scvirginia said:The photo is from 1915, and when published in The Gardeners' Chronicle in 1920, apparently was still unnamed. 101 years on, it probably has a name, though I don't know what it is...
The source of this lily, as with most Chinese lilies introduced elsewhere in the world, was E. H. Wilson.
Australis said:I guess one thing to keep in mind was that at the time a lot of these plants were just being discovered and their knowledge was far less comprehensive than ours is now. I've see the same thing in orchids when I've read up on their history; plenty of plants were given varietal or species names when often they were just variations within a species (colour forms being a common example that doesn't really warrant a separate taxon).
I don't think we're going to get a concrete answer, but I think we can narrow it down based on the descriptions of the plant and bulb, at least.
Lucius93 said:Thx Virginia.
I think we should not break our heads about this lily because it's clear to me that even authors don't know what they are talking about. The early info about Chinese trumpets are all over the place and sometimes they use different name for every color variety. They even use wrong synonyms as you can see in tha last post. Leucanthum var. chloraster is synonym of var. leucanthum and not var. centifolium. Centifolium has brownish, pinkish or purplish reverse with green vein. So it's very variable. Var. leucanhum has greenish reverse. Lilium sulphureum always produce bulbils so trumpet without bulbils is not sulphureum and so far there is no sulphureum reported in Gansu. They also stated that sulphureum is not variable species which is again wrong. You have many color variations of that species: some are completely sulphur yellow, some has white flowers with yellow throat and some even has green reverse. All of these variations produce bulbils.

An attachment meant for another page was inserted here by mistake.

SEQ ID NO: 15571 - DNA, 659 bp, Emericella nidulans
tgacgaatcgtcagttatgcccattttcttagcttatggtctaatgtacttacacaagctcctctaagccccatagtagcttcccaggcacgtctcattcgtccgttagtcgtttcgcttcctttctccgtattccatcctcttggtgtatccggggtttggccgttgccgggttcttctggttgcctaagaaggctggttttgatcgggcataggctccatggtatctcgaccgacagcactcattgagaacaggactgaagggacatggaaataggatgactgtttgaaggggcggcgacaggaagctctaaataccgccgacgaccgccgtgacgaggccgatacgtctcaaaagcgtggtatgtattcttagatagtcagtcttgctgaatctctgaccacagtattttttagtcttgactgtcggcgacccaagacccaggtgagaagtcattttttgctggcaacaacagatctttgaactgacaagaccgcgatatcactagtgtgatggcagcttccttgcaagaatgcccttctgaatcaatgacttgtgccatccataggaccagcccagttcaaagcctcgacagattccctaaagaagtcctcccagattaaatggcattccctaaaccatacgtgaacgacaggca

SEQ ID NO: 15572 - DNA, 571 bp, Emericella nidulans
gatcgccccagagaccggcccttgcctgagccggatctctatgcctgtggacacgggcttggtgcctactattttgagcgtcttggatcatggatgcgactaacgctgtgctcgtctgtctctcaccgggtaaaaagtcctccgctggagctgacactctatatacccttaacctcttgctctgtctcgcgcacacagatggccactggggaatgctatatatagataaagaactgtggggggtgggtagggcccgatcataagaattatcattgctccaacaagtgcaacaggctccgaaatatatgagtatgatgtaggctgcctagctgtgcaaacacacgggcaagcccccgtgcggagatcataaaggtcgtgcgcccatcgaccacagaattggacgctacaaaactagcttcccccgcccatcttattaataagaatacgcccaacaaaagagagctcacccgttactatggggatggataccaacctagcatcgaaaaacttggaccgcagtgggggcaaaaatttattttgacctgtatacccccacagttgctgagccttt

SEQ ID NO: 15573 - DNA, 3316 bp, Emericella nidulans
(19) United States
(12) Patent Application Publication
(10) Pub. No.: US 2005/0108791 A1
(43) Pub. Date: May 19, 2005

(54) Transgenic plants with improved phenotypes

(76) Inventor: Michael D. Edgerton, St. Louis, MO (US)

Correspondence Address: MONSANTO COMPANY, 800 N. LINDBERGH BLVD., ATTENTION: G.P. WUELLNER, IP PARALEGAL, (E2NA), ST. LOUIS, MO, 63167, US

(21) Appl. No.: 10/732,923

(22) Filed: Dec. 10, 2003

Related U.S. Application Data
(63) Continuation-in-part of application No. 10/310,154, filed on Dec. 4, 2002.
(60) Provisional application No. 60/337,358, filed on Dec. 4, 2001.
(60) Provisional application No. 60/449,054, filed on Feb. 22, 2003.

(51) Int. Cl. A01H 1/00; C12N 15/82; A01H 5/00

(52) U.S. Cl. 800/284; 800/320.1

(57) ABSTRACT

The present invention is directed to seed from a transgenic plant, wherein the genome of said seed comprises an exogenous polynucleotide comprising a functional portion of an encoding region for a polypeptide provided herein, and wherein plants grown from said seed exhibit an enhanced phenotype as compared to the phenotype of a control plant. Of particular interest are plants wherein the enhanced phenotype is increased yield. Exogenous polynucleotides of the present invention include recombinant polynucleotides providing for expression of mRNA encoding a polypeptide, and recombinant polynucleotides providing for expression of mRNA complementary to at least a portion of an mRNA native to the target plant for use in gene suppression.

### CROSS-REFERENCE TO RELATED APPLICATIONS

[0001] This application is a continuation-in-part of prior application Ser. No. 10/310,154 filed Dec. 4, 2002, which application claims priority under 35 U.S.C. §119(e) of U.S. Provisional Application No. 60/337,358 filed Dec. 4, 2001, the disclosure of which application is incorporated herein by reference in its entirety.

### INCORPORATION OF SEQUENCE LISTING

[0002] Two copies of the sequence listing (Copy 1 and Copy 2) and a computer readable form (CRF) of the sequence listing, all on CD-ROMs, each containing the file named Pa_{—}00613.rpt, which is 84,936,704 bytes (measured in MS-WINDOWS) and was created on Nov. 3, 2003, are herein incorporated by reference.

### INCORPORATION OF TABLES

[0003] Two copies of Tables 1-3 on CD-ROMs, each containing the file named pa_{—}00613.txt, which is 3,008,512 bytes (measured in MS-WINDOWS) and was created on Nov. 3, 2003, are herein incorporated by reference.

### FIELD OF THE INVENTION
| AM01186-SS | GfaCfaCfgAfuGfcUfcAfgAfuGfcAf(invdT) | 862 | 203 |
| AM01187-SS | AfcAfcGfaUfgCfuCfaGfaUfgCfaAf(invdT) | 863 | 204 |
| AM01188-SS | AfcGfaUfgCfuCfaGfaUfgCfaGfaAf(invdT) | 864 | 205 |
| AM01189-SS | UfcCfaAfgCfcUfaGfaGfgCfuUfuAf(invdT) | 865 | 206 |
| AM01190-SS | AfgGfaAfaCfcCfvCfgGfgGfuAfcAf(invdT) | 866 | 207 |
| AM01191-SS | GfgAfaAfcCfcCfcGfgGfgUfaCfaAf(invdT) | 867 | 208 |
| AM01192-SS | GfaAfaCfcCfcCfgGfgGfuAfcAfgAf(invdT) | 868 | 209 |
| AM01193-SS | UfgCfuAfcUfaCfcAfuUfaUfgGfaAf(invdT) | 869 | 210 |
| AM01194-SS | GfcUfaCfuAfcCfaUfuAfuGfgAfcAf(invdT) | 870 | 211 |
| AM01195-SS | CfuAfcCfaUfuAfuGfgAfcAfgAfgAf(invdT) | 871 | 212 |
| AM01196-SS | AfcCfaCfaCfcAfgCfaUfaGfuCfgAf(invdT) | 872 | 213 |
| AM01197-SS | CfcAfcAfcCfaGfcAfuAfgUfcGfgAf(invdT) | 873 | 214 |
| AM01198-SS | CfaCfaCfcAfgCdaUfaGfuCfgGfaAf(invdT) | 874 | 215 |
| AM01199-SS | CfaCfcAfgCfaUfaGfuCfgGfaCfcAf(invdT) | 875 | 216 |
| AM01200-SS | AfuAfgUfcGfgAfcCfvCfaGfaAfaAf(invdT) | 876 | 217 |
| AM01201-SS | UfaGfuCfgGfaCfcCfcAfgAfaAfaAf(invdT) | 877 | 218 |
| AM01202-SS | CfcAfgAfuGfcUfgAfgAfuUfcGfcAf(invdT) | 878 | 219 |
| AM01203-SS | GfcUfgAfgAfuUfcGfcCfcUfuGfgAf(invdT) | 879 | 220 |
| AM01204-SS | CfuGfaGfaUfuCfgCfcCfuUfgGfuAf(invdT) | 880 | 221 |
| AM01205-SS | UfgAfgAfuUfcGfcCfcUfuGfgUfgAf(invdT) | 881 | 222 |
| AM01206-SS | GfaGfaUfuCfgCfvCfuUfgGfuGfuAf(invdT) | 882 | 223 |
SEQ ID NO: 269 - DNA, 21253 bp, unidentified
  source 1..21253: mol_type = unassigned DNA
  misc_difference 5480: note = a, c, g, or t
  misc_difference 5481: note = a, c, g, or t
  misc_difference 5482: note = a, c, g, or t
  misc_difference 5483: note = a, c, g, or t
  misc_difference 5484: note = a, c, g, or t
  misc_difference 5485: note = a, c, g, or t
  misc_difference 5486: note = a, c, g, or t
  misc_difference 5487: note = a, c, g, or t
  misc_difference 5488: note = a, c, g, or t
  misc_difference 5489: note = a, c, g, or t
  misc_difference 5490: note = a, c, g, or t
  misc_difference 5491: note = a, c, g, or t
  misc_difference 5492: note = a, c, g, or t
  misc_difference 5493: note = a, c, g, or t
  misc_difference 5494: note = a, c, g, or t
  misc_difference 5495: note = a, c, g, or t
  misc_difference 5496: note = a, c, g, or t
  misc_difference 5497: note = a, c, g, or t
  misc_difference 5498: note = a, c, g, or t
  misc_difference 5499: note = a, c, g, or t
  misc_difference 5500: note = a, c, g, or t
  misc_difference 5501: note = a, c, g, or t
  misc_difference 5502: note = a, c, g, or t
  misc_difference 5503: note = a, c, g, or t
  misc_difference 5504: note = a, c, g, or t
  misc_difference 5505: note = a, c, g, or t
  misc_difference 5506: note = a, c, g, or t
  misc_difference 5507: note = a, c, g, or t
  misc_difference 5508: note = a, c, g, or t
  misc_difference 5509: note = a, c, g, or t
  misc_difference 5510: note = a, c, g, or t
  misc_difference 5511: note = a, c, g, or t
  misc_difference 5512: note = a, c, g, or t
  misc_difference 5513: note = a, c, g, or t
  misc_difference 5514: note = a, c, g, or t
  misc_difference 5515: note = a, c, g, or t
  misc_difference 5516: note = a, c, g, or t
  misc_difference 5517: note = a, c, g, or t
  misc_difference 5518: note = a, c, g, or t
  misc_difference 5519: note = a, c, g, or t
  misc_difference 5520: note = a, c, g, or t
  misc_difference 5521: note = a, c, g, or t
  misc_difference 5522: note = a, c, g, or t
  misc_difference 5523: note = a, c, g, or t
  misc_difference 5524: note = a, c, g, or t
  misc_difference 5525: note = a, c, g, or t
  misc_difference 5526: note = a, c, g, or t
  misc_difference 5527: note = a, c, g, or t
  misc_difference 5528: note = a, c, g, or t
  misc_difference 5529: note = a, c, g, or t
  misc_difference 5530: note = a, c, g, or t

One more thing. They mentioned this mysterious lily doesn't produce any offset bulbs which is characteristic of leucanthum, a lily from Gansu.